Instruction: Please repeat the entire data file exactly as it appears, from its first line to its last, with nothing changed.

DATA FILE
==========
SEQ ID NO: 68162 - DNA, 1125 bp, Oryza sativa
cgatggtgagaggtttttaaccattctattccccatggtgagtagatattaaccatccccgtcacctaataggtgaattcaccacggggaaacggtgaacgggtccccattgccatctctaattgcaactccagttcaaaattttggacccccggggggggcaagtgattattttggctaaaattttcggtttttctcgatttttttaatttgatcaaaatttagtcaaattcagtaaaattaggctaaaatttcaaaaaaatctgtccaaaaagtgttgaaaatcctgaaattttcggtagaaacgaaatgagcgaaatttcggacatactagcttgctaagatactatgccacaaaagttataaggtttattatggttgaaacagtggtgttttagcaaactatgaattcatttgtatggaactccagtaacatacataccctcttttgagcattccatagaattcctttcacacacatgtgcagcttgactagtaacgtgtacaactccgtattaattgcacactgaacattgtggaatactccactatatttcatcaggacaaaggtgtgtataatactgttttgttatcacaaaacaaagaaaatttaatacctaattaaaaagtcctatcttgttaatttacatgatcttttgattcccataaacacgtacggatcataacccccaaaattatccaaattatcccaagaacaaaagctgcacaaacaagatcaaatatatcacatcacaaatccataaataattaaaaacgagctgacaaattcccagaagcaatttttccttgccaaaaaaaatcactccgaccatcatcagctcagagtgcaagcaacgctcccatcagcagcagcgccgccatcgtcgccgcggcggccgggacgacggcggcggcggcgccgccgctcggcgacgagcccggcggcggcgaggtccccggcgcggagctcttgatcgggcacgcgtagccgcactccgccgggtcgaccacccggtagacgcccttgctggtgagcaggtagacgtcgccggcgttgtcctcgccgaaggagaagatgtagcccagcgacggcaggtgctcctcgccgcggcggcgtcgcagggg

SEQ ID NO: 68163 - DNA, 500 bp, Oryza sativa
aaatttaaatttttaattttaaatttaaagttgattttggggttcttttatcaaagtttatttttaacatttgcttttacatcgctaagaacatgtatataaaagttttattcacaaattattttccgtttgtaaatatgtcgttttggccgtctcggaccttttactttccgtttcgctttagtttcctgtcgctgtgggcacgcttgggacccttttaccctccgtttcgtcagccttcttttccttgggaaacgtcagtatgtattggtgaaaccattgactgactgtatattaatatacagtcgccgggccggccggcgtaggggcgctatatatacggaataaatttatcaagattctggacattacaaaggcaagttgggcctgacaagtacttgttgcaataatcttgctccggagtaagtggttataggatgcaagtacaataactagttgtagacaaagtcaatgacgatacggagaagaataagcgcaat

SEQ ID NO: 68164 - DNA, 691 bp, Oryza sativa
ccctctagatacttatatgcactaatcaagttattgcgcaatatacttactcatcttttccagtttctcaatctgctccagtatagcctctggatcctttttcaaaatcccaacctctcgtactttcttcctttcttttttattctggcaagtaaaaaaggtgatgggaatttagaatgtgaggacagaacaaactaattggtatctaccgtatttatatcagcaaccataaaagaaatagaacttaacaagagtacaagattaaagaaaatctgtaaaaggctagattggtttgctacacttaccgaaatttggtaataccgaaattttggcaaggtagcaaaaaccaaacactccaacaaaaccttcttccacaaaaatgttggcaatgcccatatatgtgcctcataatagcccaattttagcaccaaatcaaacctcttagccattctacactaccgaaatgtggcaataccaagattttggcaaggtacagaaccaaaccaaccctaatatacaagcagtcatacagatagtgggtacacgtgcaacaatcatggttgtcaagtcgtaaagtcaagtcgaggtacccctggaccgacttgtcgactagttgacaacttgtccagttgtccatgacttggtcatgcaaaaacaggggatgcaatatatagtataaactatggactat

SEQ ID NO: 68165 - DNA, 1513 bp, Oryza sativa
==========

SEQ ID NO: 68162 - DNA, 1125 bp, Oryza sativa
cgatggtgagaggtttttaaccattctattccccatggtgagtagatattaaccatccccgtcacctaataggtgaattcaccacggggaaacggtgaacgggtccccattgccatctctaattgcaactccagttcaaaattttggacccccggggggggcaagtgattattttggctaaaattttcggtttttctcgatttttttaatttgatcaaaatttagtcaaattcagtaaaattaggctaaaatttcaaaaaaatctgtccaaaaagtgttgaaaatcctgaaattttcggtagaaacgaaatgagcgaaatttcggacatactagcttgctaagatactatgccacaaaagttataaggtttattatggttgaaacagtggtgttttagcaaactatgaattcatttgtatggaactccagtaacatacataccctcttttgagcattccatagaattcctttcacacacatgtgcagcttgactagtaacgtgtacaactccgtattaattgcacactgaacattgtggaatactccactatatttcatcaggacaaaggtgtgtataatactgttttgttatcacaaaacaaagaaaatttaatacctaattaaaaagtcctatcttgttaatttacatgatcttttgattcccataaacacgtacggatcataacccccaaaattatccaaattatcccaagaacaaaagctgcacaaacaagatcaaatatatcacatcacaaatccataaataattaaaaacgagctgacaaattcccagaagcaatttttccttgccaaaaaaaatcactccgaccatcatcagctcagagtgcaagcaacgctcccatcagcagcagcgccgccatcgtcgccgcggcggccgggacgacggcggcggcggcgccgccgctcggcgacgagcccggcggcggcgaggtccccggcgcggagctcttgatcgggcacgcgtagccgcactccgccgggtcgaccacccggtagacgcccttgctggtgagcaggtagacgtcgccggcgttgtcctcgccgaaggagaagatgtagcccagcgacggcaggtgctcctcgccgcggcggcgtcgcagggg

SEQ ID NO: 68163 - DNA, 500 bp, Oryza sativa
aaatttaaatttttaattttaaatttaaagttgattttggggttcttttatcaaagtttatttttaacatttgcttttacatcgctaagaacatgtatataaaagttttattcacaaattattttccgtttgtaaatatgtcgttttggccgtctcggaccttttactttccgtttcgctttagtttcctgtcgctgtgggcacgcttgggacccttttaccctccgtttcgtcagccttcttttccttgggaaacgtcagtatgtattggtgaaaccattgactgactgtatattaatatacagtcgccgggccggccggcgtaggggcgctatatatacggaataaatttatcaagattctggacattacaaaggcaagttgggcctgacaagtacttgttgcaataatcttgctccggagtaagtggttataggatgcaagtacaataactagttgtagacaaagtcaatgacgatacggagaagaataagcgcaat

SEQ ID NO: 68164 - DNA, 691 bp, Oryza sativa
ccctctagatacttatatgcactaatcaagttattgcgcaatatacttactcatcttttccagtttctcaatctgctccagtatagcctctggatcctttttcaaaatcccaacctctcgtactttcttcctttcttttttattctggcaagtaaaaaaggtgatgggaatttagaatgtgaggacagaacaaactaattggtatctaccgtatttatatcagcaaccataaaagaaatagaacttaacaagagtacaagattaaagaaaatctgtaaaaggctagattggtttgctacacttaccgaaatttggtaataccgaaattttggcaaggtagcaaaaaccaaacactccaacaaaaccttcttccacaaaaatgttggcaatgcccatatatgtgcctcataatagcccaattttagcaccaaatcaaacctcttagccattctacactaccgaaatgtggcaataccaagattttggcaaggtacagaaccaaaccaaccctaatatacaagcagtcatacagatagtgggtacacgtgcaacaatcatggttgtcaagtcgtaaagtcaagtcgaggtacccctggaccgacttgtcgactagttgacaacttgtccagttgtccatgacttggtcatgcaaaaacaggggatgcaatatatagtataaactatggactat

SEQ ID NO: 68165 - DNA, 1513 bp, Oryza sativa